The sideview angles of the...
The sideview angles of the upper and lower control arms determine the amount of antidive or prodive. The upper arm must be angled with the front higher than the rear, and the lowers must be angled with the rear higher than the front in order to have antidive. With prodive, the arms are positioned with the opposite angles.
3. CAMBER CHANGE
A car that is loose on entry to the corner can have several problems. If the car is severely loose and nothing seems to help, it is almost always rear-end alignment that is causing the problem. If the rear end is pointed to the right of the centerline of the car, it will tend to swing to the right as the car is steered left, much the same as a hook-and-ladder fire truck does when the guy in the back steers right going around a left-hand corner. The car will feel much the same as this.
Regardless of how straight you think the rear end is as this is happening, start moving the RR forward 11/48 inch at a time until the car is no longer loose-in. Most of the time, we don't have the facilities or the time to re-align the car at the racetrack. So we do this quick fix and later re-measure the car at the shop.
At racetracks with a tight entry and/or requiring heavy braking on entry, the loose condition could be brake bias or shock related. If you think the rear brakes are overwhelming the front brakes and making the car loose, try moving the brake bias to the front first. We usually need a front-to-rear percent ratio of 60:40 or 65:35 for most stock cars.
If that does not help, then decrease the rebound in the LR shock and/or increase the compression in the RF shock. A common fix to a car that was tight on entry used to be to increase the LR shock rebound rate to pull load off the LR corner as the car entered the turn. This would theoretically loosen the car. While that would probably help the situation, it is only a crutch. Look for the real problem first before taking drastic measures with your shocks.
When our moment center is...
When our moment center is located to the left of centerline, the moment arm is longer and the front end will tend to roll more. As we move the MC to the right, the moment arm will become shorter, and the front end will become stiffer and roll less.
4. MOMENT CENTER DESIGN
The front moment center location plays a huge role in the front end's tendencies. The MC should always be somewhere close to the centerline that is midway between the tire contact patches. The farther left the MC is located, the more efficient the front end will be and the more inclined it will be to roll. If the MC is farther to the right of the centerline, then the front end will be stiffer and less likely to roll. Low-banked tracks require a location more to the left and higher-banked tracks require a setup with a MC more to the right of centerline.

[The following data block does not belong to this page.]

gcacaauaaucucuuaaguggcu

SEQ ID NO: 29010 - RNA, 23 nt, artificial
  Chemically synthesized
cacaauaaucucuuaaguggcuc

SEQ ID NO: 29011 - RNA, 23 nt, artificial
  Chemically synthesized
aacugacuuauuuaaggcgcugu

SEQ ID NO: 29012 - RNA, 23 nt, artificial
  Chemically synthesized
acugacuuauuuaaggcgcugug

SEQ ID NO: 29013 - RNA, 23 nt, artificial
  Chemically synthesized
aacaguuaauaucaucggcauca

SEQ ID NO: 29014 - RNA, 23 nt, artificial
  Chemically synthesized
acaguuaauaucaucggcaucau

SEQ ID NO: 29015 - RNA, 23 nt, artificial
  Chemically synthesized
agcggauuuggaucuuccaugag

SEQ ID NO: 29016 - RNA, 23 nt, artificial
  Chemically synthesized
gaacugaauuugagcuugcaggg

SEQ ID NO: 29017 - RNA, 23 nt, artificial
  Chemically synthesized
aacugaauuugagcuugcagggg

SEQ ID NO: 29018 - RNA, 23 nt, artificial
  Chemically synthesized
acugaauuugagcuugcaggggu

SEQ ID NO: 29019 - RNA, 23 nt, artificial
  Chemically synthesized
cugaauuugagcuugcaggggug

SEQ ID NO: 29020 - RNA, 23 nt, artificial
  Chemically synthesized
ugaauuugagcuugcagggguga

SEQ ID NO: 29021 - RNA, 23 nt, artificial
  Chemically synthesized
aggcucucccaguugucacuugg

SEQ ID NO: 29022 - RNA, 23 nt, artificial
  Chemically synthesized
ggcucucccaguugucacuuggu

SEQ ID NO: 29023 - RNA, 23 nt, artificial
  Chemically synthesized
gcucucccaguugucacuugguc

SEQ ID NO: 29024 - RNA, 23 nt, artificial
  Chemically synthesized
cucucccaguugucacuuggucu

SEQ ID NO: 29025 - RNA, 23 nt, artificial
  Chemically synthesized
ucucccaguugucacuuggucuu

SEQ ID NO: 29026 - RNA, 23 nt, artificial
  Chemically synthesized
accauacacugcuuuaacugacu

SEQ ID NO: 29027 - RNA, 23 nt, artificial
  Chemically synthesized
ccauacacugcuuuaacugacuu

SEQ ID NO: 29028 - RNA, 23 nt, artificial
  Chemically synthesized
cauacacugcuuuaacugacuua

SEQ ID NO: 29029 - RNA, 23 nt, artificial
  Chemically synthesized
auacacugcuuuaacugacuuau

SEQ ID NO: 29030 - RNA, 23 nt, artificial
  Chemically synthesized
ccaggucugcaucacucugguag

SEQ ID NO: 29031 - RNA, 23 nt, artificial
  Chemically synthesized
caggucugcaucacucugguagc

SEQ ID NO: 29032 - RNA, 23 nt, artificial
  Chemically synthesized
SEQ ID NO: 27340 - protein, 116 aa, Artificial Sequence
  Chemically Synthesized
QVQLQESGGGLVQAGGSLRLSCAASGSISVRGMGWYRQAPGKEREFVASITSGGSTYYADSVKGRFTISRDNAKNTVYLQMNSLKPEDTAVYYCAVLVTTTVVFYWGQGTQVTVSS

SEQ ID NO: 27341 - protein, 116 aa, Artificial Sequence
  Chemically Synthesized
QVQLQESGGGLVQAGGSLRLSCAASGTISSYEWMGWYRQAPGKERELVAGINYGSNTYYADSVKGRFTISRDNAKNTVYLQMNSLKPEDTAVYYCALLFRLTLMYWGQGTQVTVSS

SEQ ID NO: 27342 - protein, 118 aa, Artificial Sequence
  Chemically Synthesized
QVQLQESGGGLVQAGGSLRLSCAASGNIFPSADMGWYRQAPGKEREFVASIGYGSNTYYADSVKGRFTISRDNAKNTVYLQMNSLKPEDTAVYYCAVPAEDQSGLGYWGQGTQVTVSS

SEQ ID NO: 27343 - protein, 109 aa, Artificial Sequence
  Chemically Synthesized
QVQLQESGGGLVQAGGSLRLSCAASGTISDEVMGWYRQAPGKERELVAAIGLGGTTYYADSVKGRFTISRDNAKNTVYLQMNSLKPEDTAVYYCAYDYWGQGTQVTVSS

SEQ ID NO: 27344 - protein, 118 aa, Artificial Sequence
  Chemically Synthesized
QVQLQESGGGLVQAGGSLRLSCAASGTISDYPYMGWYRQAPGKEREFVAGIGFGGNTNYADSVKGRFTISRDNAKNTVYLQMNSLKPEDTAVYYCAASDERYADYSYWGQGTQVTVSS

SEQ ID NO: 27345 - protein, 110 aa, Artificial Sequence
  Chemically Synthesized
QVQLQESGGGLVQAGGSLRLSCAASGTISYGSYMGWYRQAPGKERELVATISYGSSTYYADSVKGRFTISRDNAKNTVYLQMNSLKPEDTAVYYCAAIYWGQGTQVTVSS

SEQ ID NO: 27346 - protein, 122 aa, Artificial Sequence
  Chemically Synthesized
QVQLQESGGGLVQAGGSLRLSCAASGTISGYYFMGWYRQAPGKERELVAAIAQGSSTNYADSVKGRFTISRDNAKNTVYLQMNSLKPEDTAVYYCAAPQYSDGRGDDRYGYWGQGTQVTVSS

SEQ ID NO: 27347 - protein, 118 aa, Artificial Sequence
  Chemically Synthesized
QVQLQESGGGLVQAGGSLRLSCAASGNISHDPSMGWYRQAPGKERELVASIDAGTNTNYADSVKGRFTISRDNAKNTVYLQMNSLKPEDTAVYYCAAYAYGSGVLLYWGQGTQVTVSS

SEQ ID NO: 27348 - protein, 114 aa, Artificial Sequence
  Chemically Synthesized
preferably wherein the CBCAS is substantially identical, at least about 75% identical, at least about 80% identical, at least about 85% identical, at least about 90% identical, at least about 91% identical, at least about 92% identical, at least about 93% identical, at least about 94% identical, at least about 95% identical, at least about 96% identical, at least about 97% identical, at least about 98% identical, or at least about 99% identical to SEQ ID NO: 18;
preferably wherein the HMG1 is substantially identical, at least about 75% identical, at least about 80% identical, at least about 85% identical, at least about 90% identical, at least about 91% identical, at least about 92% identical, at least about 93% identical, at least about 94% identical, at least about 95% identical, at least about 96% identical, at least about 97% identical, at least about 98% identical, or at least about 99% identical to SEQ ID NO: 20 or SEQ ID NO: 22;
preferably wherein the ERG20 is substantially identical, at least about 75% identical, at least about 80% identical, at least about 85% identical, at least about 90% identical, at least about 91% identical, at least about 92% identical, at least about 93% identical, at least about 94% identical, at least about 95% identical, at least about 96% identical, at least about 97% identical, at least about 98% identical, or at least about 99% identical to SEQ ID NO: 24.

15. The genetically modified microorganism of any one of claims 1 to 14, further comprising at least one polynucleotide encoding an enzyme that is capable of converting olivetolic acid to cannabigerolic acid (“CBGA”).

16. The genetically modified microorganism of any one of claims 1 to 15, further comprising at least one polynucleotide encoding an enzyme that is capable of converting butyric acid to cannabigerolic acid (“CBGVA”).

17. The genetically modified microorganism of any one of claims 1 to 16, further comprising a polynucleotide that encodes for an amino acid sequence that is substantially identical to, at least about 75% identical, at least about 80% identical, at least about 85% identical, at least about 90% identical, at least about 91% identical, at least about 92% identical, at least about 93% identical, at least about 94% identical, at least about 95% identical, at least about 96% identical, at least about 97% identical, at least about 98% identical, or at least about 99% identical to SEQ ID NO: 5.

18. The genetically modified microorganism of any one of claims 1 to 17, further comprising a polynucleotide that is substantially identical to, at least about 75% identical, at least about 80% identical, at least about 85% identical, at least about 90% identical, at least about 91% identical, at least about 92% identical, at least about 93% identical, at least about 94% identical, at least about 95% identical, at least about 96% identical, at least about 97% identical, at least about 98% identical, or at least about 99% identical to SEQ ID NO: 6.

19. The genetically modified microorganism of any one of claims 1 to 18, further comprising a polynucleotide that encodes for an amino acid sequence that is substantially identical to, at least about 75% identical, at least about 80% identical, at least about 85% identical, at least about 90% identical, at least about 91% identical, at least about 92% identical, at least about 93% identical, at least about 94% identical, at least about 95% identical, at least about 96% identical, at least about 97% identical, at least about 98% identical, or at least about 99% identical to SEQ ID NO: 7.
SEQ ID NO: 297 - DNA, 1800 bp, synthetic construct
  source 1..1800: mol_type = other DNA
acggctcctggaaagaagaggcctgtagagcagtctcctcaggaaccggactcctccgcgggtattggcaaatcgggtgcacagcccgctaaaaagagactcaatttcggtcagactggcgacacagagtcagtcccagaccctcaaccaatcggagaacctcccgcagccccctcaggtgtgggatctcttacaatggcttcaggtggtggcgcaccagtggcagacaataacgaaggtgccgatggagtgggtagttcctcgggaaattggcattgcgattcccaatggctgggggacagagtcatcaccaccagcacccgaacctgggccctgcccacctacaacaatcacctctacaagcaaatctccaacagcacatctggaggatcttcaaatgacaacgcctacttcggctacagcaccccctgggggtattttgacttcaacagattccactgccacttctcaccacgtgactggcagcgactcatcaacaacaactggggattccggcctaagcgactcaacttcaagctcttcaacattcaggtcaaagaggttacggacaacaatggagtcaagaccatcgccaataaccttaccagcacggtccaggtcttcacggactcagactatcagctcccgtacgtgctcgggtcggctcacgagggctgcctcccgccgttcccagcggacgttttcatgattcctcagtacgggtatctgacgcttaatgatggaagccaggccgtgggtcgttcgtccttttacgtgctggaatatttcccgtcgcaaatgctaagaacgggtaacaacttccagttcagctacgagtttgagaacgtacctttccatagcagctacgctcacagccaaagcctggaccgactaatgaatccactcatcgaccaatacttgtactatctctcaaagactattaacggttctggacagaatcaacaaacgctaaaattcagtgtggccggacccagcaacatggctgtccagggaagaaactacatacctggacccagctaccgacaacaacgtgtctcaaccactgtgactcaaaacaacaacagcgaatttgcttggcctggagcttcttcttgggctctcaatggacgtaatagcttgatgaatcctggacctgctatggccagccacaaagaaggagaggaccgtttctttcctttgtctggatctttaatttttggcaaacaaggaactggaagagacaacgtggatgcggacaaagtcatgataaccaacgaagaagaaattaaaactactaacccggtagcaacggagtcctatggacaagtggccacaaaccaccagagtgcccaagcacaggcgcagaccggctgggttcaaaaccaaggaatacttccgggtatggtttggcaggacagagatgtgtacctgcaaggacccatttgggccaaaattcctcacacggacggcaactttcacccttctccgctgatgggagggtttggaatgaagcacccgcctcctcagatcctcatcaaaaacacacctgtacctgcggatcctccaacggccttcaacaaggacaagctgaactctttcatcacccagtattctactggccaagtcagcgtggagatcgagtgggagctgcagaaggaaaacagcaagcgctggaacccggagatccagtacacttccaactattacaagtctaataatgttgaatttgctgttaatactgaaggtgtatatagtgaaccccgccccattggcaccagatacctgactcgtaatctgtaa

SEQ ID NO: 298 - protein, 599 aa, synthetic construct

The center of gravity height also influences where the MC should be located. Cars with a lower CG should have a MC that ends up farther to the left side of the scale than that of cars with a higher CG.
We should divide the turn...
We should divide the turn into three phases or segments in order to analyze the handling. The middle phase is most important to overall track performance. Entry and exit performance helps us pass cars on the racetrack.
5. BASIC HANDLING PROBLEMS
A tight/loose condition is evident when a car appears to be loose when in fact it is tight. This condition is very hard to detect from a driver's perspective. The car feels loose right at midturn and off the corner. Sometimes the car is tight and the driver has to turn the steering wheel far enough to get the car to turn.
Because the front tires generate more traction with a greater angle of attack, the driver is actually putting more traction into the front end by turning the wheels. The once-tight condition now switches to loose as the front gains grip from excess steering angle. This happens very quickly and the rear end snaps loose as the throttle is applied. All the driver knows is that the car is loose. To correct this, we have to fix the tight condition so that less steering input is required. This malady is more common than most racers know.
Tight in the Middle-The Car Won't Turn
This is the A-one complaint for most ill-handling stock cars on dirt or asphalt. The problem usually is a result of the following: 1) poor front-end geometry, involving moment center location and steering geometry; 2) a rear end that is pointed to the left of centerline; and 3) the wrong choice of springs, weight distribution, and rear moment center height.